In 1906, British scientist George Parker Bidder released more than 1,000 bottles in an attempt to study oceanic currents. The bottles were specifically design to float and last, and all bottles contained detailed instructions in English, German and Dutch to return the note to the Marine Biological Association in Plymouth, England, in exchange for a shilling.

George Parker Bidder who released the bottle into the North Sea between 1904 and 1906 as part of his research Photo: MBA archive

The experiment was a success, most of the bottles were returned to Plymouth, and Bidder was able to show that deep sea current flowed west in the North Sea, a body of water that borders Great Britain, Scandinavia, the Netherlands, Belgium and France. But some of the bottles lagged behind.

One of George Parker Bidder’s bottles used to elucidate ocean currents Photo: MBA archive

Recently, a retired postal worker from Germany found one of these 108 year old bottles. Marianne Winkler was walking on the beach with her husband when she came across the bottle.

“It’s always a joy when someone finds a message in a bottle on the beach,” she told the Amrum News, a local website.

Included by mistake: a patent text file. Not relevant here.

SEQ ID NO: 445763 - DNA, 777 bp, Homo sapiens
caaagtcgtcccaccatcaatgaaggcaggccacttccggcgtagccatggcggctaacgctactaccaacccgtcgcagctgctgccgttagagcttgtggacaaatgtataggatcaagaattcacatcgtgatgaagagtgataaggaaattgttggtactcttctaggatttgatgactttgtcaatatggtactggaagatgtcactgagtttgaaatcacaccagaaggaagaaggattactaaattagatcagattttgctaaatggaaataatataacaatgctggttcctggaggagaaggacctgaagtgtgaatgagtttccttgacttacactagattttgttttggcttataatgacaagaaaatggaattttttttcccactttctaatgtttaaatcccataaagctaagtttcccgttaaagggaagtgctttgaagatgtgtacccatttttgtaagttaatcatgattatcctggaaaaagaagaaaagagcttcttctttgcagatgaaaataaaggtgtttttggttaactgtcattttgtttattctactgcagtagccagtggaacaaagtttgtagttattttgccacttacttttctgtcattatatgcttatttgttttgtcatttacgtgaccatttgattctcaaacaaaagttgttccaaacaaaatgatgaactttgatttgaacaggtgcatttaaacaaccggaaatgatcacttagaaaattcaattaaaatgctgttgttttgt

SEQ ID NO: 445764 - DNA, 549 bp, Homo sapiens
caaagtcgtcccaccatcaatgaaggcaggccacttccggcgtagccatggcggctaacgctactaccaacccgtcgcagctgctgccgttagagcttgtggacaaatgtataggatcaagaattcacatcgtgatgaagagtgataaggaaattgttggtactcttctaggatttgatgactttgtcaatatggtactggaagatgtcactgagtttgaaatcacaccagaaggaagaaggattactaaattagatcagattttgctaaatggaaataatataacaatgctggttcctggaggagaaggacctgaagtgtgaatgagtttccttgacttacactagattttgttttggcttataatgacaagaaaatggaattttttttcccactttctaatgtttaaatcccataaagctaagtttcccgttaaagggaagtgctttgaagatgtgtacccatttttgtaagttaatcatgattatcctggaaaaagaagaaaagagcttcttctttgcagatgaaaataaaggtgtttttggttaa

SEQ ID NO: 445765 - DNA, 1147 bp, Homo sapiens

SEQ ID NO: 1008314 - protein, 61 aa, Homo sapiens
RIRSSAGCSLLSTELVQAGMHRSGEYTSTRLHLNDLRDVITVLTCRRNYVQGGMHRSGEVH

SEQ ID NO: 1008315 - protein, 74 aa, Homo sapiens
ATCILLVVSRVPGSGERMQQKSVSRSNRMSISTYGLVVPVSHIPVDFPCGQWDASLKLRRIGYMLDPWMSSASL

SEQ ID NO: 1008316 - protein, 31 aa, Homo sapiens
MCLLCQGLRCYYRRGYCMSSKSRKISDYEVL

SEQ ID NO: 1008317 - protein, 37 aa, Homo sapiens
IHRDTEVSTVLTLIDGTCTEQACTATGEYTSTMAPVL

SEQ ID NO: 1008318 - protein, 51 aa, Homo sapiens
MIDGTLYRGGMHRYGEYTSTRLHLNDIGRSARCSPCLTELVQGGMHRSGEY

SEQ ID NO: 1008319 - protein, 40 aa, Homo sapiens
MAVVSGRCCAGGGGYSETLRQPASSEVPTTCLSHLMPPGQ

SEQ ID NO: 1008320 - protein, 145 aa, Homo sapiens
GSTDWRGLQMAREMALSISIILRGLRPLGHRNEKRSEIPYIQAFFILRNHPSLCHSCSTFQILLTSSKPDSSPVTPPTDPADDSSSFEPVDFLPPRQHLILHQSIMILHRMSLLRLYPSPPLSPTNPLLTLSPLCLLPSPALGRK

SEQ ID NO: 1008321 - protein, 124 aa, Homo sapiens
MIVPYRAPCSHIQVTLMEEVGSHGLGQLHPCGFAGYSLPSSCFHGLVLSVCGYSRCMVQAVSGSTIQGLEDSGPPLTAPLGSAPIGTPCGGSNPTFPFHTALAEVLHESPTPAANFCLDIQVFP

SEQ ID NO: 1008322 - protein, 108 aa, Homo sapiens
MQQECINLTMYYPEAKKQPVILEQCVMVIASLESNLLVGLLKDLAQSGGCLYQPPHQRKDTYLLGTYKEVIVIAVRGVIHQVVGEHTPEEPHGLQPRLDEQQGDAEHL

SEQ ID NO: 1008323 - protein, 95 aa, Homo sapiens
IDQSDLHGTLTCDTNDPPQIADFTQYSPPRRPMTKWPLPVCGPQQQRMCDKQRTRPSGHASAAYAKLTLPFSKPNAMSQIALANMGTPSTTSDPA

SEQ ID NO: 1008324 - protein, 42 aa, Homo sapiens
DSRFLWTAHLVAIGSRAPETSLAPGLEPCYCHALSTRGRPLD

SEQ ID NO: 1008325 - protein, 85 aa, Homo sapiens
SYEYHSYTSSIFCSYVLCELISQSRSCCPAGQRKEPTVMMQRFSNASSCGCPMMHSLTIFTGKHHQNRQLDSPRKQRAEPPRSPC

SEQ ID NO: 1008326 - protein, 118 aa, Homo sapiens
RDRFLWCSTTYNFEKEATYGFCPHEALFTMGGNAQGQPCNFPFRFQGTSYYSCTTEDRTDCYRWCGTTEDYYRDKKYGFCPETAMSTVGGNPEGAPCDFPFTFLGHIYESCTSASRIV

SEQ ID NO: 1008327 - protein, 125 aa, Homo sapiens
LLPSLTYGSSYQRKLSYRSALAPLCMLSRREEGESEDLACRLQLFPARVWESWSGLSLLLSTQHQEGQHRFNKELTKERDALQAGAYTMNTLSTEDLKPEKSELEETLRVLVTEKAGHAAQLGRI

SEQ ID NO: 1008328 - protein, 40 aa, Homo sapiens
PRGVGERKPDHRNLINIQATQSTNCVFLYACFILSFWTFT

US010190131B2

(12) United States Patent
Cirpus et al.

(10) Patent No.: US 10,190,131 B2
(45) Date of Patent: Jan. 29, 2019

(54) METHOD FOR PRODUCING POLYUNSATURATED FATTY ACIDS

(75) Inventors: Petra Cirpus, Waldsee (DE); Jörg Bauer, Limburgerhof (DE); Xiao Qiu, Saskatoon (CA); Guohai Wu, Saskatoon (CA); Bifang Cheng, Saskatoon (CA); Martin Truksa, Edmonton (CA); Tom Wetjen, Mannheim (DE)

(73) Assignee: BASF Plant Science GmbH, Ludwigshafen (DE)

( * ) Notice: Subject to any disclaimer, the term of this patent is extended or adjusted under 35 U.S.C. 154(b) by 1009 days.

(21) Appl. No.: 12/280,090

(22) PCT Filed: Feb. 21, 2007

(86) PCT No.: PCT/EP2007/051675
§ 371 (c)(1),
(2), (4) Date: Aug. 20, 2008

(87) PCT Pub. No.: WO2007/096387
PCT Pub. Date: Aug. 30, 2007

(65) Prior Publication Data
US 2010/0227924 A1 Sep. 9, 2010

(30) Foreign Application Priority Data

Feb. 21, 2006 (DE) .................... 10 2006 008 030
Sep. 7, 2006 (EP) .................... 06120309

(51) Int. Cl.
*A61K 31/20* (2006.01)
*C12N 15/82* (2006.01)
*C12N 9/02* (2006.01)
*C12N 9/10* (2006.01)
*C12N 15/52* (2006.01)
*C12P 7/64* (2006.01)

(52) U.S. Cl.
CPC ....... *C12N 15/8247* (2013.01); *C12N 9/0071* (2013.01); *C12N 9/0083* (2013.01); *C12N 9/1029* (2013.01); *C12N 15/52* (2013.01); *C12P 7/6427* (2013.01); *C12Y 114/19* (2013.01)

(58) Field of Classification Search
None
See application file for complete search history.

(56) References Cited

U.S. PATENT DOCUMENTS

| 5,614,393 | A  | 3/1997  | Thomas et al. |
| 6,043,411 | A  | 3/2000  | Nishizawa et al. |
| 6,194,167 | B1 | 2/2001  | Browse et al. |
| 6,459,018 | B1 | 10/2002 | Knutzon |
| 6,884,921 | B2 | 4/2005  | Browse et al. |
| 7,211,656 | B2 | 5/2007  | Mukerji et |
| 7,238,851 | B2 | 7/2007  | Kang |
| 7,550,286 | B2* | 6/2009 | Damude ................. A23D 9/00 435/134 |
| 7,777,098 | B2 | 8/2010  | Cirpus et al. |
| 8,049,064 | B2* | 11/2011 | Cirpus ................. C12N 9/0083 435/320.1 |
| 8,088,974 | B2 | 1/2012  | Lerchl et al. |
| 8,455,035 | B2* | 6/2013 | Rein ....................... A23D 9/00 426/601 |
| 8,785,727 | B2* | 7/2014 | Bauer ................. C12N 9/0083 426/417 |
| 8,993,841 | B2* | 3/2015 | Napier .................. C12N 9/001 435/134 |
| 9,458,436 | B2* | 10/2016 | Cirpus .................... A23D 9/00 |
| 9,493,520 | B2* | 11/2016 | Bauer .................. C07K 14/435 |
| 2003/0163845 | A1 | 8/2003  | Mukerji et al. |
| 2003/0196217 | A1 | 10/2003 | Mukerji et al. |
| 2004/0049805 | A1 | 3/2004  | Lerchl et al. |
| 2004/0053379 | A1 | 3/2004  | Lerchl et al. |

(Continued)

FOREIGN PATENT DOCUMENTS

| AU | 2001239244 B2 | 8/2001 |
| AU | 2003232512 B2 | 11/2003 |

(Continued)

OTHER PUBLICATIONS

The oldest message in a bottle in the world, found by the Winkler family Photo: Winkler family handout

Inside the bottle, there was a visible message: “Break the bottle”. So she did, and inside she found the instructions. The Marine Biological Association was, of course, shocked to get the card from Winkler – they hadn’t received one in many years – but they kept their promise: they bought an old shilling online and gave it to Winkler.

“It was quite a stir when we opened that envelope, as you can imagine,” Guy Baker, communications director at the Marine Biological Association, said in an interview.

According to Guinness World Records, the oldest found message in a bottle is 99 years old, so this one should easily take the crown.

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